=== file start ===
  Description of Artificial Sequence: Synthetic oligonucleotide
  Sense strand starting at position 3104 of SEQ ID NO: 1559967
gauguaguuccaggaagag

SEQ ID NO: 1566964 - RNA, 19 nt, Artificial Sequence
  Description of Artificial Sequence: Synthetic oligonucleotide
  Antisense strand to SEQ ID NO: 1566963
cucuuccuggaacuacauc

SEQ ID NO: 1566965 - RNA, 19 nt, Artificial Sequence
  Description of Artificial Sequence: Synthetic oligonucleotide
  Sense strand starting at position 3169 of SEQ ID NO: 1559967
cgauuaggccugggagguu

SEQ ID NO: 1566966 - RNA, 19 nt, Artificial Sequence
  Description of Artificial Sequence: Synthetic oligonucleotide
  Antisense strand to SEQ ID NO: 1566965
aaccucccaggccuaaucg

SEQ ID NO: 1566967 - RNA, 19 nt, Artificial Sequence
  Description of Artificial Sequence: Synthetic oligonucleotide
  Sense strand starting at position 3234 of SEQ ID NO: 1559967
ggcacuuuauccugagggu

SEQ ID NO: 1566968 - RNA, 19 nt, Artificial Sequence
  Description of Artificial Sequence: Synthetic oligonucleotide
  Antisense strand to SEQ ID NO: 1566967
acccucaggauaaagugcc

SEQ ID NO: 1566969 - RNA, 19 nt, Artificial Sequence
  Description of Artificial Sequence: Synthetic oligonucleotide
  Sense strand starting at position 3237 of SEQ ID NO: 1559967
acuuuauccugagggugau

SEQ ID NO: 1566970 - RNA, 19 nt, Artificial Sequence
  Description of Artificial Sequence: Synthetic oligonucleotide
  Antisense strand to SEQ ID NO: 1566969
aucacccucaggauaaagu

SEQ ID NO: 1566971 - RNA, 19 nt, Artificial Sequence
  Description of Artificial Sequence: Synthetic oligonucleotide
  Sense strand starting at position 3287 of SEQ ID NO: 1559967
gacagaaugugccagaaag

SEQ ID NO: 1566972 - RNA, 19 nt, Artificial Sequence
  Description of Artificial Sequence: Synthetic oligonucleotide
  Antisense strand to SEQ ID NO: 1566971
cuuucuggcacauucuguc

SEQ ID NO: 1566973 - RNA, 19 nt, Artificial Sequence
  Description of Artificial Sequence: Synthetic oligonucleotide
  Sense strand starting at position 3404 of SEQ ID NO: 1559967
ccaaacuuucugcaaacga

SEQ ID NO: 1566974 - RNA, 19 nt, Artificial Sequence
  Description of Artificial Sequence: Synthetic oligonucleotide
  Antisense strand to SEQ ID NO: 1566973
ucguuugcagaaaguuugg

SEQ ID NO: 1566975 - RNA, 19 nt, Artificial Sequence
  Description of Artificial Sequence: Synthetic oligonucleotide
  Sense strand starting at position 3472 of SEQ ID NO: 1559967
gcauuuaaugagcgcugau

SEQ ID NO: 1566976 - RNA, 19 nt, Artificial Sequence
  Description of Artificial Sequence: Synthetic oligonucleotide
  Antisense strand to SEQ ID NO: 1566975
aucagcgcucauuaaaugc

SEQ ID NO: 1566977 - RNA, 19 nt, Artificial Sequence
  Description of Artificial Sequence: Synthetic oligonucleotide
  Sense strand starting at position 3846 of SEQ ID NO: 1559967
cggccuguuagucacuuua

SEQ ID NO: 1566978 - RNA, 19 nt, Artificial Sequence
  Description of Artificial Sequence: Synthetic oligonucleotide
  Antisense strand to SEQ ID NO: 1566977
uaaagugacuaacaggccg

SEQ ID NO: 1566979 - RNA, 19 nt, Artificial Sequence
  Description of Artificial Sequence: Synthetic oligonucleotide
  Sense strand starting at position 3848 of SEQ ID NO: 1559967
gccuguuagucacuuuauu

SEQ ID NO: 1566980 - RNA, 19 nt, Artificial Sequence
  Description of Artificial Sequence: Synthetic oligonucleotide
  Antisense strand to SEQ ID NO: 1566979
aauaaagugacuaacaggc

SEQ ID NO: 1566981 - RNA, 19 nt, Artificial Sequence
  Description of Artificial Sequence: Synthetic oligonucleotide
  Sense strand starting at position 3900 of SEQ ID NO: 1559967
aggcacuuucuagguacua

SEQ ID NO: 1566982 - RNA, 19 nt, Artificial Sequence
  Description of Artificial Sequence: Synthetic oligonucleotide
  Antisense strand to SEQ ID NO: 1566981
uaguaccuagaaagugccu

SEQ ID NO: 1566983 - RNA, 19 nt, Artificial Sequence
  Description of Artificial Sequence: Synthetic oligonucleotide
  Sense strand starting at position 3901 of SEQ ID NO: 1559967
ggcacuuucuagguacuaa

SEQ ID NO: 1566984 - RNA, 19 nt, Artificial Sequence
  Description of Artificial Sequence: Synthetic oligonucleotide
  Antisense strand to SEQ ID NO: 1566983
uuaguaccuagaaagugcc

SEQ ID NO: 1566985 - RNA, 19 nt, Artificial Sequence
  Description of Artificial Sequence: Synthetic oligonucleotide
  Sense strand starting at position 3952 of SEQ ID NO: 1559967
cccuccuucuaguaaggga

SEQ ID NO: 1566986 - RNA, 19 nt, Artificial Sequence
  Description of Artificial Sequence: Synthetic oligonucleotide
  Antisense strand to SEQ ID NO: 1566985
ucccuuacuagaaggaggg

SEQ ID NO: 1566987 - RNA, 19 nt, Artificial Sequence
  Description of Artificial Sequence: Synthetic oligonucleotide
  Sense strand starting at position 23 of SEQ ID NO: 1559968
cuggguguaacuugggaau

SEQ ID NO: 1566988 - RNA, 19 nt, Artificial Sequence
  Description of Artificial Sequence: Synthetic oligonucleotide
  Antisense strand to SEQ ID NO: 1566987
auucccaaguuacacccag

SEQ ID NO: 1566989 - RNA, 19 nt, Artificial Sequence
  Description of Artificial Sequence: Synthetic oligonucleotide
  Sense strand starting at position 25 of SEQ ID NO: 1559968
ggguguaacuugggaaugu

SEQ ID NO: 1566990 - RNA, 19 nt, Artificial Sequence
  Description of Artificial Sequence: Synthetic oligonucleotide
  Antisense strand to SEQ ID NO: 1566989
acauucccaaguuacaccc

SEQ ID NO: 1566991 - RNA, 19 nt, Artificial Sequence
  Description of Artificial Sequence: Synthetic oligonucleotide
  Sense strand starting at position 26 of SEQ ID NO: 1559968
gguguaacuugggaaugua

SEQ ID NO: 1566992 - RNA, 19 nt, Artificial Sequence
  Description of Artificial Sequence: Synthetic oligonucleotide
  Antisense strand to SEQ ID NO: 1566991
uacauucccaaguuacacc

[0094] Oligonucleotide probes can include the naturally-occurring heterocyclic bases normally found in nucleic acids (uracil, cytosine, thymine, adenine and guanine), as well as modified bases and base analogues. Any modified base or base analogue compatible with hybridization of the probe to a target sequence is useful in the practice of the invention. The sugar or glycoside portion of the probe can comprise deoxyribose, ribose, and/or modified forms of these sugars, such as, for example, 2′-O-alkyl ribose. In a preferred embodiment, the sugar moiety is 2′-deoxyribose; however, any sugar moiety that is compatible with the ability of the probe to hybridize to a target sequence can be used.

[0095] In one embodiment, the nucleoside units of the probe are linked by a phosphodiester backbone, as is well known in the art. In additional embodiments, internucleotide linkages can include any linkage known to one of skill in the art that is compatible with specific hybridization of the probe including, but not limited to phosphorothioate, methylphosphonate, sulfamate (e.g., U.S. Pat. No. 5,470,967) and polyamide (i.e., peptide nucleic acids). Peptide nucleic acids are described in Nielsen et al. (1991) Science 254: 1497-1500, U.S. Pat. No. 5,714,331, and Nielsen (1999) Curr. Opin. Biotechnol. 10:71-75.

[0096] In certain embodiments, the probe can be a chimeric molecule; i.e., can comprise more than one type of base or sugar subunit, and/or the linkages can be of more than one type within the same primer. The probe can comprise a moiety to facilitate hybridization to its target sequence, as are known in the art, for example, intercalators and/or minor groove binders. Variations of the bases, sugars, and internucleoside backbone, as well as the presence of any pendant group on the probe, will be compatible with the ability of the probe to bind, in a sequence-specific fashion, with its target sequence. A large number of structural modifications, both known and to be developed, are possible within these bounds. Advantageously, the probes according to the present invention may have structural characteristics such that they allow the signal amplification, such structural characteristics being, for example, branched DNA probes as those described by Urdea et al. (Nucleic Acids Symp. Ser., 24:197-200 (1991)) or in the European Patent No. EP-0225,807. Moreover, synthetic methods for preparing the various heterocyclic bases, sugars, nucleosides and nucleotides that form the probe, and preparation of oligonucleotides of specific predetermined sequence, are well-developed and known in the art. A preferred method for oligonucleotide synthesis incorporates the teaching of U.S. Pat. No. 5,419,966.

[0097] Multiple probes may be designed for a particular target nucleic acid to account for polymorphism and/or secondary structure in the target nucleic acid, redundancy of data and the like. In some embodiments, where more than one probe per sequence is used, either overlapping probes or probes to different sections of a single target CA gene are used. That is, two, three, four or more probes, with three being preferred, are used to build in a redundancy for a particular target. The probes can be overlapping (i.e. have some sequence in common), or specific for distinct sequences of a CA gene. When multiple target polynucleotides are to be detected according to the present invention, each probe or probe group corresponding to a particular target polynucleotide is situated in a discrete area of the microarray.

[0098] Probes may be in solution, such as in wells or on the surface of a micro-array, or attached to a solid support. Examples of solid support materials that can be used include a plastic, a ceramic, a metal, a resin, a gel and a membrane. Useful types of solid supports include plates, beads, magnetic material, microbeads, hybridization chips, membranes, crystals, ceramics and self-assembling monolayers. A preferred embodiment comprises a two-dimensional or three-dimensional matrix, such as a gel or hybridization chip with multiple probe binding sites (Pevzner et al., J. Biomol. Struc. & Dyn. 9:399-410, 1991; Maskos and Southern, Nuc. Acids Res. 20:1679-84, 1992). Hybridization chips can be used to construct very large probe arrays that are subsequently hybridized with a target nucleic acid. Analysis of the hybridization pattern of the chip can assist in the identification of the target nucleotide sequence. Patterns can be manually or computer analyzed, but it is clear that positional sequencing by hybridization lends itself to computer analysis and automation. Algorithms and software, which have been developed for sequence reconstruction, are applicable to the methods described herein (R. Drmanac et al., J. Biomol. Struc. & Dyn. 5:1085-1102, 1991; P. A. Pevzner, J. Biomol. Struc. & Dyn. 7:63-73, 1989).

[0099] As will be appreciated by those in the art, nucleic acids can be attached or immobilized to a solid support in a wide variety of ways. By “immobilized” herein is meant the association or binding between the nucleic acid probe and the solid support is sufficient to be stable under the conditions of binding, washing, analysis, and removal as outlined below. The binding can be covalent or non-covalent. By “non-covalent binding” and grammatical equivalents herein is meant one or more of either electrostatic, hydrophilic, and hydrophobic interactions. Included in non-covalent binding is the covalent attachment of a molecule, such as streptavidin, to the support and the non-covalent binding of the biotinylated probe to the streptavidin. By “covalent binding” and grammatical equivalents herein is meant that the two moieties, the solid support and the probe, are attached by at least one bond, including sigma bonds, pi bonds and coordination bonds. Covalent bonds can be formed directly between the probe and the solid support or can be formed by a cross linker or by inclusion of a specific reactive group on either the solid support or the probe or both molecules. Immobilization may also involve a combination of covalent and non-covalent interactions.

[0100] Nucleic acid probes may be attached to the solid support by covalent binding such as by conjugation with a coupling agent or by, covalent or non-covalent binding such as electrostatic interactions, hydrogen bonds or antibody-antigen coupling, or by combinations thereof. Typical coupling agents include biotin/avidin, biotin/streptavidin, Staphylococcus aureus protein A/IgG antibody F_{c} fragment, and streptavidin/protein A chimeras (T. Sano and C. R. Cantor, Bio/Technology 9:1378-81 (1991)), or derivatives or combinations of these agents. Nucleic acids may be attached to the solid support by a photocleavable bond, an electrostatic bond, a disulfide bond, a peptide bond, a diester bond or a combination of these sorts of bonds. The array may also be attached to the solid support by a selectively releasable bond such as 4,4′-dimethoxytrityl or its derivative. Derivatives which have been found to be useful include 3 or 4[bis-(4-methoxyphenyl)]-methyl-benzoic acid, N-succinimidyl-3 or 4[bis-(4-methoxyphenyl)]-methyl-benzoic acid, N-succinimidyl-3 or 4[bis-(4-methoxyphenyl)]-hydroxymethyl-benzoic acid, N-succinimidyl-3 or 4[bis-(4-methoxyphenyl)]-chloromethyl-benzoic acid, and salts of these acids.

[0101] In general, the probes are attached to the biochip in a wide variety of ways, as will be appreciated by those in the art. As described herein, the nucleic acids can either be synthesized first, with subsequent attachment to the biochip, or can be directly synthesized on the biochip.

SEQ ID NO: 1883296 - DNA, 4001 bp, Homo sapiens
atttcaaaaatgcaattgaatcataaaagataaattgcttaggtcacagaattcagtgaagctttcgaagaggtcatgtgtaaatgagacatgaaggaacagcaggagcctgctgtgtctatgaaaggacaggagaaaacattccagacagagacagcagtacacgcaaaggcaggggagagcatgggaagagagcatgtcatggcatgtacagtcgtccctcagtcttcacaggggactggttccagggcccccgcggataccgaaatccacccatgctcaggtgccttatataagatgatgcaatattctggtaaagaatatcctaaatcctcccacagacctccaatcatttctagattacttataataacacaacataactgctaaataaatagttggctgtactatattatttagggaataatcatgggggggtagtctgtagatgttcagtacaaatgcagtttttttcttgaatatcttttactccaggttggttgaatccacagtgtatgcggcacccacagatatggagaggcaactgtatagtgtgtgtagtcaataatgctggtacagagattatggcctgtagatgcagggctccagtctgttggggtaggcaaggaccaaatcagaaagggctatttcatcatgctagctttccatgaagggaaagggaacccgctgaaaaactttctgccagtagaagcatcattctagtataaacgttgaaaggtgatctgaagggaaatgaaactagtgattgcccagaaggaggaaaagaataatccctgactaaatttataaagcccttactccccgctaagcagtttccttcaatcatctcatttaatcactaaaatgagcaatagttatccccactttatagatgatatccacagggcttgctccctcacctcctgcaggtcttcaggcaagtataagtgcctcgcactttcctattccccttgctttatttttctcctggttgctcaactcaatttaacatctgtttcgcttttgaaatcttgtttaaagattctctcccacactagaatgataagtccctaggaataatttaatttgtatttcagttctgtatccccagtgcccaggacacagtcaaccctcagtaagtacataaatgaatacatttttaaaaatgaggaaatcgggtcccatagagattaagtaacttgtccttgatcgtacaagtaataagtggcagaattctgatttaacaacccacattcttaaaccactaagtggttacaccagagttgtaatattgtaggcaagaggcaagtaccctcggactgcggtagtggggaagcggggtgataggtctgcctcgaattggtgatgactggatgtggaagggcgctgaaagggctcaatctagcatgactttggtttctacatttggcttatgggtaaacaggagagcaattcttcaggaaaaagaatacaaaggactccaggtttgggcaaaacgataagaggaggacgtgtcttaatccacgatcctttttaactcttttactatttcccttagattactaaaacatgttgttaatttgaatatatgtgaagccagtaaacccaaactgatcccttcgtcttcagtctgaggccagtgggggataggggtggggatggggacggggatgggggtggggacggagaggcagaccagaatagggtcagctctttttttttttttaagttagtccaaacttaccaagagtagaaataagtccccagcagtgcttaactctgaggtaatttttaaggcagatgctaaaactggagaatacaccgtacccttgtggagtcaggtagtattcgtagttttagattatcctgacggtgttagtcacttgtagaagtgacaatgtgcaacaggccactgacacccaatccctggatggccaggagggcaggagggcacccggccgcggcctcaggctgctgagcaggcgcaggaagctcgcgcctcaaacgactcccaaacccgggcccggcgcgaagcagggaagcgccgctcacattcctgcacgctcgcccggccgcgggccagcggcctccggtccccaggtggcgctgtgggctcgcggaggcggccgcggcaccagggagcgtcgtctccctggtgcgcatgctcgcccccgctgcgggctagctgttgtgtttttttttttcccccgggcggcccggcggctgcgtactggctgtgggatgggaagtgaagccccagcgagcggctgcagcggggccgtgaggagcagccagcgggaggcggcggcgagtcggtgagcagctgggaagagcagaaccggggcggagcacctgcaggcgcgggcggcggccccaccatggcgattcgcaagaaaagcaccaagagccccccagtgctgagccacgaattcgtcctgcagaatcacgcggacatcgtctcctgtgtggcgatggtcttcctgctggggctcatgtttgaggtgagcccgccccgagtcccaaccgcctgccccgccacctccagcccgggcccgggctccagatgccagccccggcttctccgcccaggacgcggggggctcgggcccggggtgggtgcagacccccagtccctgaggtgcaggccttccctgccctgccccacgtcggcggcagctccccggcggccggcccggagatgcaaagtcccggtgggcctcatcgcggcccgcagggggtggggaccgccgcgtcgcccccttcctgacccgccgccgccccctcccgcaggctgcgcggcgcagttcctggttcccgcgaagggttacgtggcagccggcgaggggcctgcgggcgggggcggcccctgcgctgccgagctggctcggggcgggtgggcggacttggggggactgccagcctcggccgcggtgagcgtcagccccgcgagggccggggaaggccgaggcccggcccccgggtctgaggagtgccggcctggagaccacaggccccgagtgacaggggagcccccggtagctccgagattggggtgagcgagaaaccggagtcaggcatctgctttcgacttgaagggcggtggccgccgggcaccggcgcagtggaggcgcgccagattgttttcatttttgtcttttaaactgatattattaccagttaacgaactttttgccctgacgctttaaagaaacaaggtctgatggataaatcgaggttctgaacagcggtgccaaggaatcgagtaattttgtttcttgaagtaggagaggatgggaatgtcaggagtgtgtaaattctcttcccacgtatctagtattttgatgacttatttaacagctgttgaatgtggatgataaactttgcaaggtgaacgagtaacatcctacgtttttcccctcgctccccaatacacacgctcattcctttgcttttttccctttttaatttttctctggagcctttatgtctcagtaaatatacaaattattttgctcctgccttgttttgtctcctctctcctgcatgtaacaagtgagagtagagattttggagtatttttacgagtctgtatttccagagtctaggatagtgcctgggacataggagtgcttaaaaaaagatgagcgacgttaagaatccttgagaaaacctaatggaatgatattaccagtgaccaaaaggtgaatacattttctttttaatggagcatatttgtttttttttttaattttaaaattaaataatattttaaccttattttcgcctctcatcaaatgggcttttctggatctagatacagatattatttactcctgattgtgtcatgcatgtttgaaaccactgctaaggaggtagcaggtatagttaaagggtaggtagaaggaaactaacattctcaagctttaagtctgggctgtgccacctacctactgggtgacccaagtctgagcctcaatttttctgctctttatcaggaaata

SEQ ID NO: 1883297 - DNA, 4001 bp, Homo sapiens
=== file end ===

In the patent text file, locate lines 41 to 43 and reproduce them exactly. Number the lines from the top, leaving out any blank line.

  Description of Artificial Sequence: Synthetic oligonucleotide
  Sense strand starting at position 3404 of SEQ ID NO: 1559967
ccaaacuuucugcaaacga